Jennifer Lawrence’s e-mail alias is apparently “peanutbutt.” If that’s true — it’s info from the Sony hacks — then it furthers America’s obsession with Jennifer Lawrence and how real / authentic she is (depending on whether you believe she really is). Think about this pretty simply, though: she’s a girl who rocks the off-the-cuff remark, makes young women aspire to be her BFF, sends sexy photos to dudes (SFW), and uses “peanutbutt” in her e-mail. She’s basically the girl on your block, but she’s mega-famous, has an Oscar, helms a major franchise, etc.
What’s the lesson here?
It’s seemingly pretty simple: fans/customers/consumers/clients/whatever you want to call it respond to real, authentic things. Storytelling should be authentic. Social media should be authentic. If you want your brand to be successful, be real and authentic. Make mistakes and talk about failure. (J-Lawrence does this too.)
Heck, some marketers have already written about marketing in the context of Hunger Games and authenticity.
Remember, people are generally able to spot a very sales-y or marketing-type message. They can see the difference between something that helps them and something that helps your brand. I’d say a good portion of the well-traffic’ed articles about Jennifer Lawrence involve the idea of “something she’s taught us” or “lessons we’ve learned from her.” People — especially younger girls — take her as a role model and source of strength, because she’s real/authentic. She appears to be going through the same things as them. (You could say the same thing about Taylor Swift, in some respects.)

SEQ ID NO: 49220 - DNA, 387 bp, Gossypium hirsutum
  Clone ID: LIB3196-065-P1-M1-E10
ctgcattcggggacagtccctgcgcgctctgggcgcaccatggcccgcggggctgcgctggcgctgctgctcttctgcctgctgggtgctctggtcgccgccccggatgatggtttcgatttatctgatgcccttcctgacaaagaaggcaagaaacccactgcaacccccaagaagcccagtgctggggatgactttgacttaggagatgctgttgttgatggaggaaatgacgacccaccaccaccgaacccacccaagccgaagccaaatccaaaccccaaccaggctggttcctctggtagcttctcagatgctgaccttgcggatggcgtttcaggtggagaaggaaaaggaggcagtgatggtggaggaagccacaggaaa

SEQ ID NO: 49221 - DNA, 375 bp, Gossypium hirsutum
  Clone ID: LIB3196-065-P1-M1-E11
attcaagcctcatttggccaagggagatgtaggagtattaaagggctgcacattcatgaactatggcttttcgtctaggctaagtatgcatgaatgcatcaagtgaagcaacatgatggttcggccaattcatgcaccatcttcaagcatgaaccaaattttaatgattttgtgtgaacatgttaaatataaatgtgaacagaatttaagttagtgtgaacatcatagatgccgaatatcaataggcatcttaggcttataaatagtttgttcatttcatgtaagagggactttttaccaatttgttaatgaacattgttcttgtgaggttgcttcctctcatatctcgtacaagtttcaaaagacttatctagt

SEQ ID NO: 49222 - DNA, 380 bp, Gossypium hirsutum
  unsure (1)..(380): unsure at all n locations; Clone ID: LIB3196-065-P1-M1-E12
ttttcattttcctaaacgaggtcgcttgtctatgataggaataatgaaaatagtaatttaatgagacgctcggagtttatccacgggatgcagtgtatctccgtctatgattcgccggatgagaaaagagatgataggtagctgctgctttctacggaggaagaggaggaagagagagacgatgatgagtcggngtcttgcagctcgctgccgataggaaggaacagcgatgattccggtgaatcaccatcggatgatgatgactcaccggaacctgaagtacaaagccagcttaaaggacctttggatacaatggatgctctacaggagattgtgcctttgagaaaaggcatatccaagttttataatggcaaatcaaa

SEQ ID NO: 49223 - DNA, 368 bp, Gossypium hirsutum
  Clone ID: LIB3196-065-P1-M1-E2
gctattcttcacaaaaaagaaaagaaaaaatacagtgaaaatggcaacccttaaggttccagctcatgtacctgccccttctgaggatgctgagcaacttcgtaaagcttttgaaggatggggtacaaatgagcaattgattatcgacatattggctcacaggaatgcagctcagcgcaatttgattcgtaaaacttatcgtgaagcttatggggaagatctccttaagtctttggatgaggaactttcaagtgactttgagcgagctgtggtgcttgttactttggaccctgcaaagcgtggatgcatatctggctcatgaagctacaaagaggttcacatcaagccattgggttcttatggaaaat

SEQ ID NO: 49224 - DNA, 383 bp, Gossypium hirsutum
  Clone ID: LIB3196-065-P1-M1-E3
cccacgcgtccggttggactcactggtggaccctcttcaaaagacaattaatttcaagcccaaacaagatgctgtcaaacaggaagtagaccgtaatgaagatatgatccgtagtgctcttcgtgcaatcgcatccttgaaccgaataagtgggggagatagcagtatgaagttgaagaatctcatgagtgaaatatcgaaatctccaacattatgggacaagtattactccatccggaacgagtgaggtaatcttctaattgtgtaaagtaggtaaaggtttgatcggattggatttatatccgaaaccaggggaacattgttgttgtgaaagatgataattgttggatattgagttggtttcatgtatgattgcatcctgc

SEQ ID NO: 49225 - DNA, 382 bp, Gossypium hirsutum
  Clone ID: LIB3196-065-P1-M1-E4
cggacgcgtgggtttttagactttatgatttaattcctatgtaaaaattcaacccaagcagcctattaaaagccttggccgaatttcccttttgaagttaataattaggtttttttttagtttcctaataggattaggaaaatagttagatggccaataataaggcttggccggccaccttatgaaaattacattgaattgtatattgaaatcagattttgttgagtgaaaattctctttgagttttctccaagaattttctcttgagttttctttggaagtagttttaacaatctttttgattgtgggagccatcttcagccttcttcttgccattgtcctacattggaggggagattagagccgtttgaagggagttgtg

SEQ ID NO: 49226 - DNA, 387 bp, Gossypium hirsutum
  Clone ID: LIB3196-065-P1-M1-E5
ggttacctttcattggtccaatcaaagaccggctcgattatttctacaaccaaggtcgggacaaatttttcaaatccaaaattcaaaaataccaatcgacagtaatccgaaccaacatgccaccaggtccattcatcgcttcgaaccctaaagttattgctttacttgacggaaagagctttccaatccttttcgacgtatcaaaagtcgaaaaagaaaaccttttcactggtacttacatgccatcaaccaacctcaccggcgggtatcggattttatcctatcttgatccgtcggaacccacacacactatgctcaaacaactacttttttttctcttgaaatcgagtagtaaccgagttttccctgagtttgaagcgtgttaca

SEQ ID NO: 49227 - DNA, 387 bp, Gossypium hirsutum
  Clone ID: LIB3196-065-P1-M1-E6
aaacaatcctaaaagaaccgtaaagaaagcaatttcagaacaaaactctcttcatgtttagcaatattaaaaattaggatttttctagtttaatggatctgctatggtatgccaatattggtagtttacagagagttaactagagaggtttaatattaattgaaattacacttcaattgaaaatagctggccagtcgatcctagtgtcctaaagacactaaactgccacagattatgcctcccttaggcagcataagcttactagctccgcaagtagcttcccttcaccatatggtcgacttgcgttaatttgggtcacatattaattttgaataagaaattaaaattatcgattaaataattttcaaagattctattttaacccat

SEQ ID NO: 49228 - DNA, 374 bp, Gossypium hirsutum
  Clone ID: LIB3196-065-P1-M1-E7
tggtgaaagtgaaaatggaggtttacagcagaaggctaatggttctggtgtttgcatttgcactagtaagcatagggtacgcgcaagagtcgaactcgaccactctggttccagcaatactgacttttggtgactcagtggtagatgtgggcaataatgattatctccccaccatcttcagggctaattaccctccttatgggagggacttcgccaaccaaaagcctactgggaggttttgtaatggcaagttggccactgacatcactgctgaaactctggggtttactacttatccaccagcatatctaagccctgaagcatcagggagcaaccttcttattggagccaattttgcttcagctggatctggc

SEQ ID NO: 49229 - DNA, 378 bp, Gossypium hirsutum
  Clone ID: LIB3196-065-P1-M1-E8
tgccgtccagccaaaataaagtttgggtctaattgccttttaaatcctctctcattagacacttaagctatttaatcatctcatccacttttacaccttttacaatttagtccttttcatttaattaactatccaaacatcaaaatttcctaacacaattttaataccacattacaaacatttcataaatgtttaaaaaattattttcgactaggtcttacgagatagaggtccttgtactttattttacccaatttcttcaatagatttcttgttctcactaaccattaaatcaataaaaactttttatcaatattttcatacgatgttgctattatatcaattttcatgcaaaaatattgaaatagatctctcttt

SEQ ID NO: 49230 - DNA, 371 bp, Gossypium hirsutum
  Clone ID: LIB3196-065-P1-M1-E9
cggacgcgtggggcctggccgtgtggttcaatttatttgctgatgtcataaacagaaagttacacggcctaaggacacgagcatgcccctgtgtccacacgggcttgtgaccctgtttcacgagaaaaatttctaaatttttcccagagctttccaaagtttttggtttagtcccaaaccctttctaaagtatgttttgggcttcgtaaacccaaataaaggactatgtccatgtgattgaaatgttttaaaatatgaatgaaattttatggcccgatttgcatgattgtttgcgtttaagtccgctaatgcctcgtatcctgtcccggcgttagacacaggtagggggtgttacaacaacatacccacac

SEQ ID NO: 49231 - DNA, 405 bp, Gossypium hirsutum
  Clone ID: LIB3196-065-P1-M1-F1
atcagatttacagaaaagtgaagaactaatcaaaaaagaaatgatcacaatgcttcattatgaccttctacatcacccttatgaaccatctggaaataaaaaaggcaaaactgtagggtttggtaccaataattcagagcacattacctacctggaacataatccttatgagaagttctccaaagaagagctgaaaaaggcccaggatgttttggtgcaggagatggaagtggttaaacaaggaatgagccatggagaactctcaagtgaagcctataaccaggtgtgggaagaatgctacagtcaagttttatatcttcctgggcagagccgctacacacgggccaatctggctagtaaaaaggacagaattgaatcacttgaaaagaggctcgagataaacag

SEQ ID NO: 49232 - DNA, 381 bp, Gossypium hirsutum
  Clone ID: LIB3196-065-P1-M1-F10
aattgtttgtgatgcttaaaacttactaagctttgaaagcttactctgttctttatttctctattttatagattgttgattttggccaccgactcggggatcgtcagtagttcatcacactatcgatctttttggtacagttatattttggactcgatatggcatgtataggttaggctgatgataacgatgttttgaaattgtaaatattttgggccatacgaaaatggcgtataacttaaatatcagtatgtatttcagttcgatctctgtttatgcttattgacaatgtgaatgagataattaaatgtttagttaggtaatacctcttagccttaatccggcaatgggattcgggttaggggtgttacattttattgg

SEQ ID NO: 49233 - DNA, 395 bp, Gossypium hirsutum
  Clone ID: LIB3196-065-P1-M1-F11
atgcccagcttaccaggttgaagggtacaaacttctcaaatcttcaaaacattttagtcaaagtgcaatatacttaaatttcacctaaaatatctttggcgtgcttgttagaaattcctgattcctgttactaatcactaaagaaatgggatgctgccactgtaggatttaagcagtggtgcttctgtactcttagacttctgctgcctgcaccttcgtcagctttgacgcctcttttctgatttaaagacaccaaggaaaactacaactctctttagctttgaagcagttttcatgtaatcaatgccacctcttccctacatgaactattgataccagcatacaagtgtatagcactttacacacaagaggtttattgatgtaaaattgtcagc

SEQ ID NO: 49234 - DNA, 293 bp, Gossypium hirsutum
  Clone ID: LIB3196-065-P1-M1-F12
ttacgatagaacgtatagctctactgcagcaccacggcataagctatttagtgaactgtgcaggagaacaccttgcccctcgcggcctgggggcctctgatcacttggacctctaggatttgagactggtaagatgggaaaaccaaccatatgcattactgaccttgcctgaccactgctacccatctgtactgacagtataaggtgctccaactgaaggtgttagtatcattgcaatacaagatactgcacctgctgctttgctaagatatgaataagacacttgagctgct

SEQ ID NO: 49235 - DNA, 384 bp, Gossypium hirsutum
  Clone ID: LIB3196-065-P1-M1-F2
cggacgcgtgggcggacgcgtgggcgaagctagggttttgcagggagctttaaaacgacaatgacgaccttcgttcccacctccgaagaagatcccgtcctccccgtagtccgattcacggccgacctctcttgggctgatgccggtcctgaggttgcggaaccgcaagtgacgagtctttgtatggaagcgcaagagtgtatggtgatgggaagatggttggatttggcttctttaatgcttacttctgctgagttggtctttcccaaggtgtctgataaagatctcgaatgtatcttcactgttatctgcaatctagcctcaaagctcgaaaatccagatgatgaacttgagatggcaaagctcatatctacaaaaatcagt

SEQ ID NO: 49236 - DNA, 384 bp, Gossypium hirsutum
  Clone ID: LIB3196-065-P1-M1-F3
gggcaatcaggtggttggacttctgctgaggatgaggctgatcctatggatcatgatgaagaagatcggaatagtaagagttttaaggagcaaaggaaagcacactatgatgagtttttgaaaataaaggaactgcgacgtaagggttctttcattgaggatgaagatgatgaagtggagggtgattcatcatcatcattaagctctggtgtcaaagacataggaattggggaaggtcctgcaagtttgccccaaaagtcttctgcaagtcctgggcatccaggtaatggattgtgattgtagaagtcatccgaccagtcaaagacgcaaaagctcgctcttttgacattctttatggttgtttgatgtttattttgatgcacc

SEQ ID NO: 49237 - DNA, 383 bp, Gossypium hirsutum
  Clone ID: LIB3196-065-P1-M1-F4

The lesson is: when some super-famous person has an e-mail like peanutbutt, you know that super-famous person is just an average girl who rose to the top of the entertainment world; you want to believe she’s authentic. She’s real.
That’s the same thing you want to be conveying about your brand if you’re in marketing. That’s what resonates and captures fans/customers.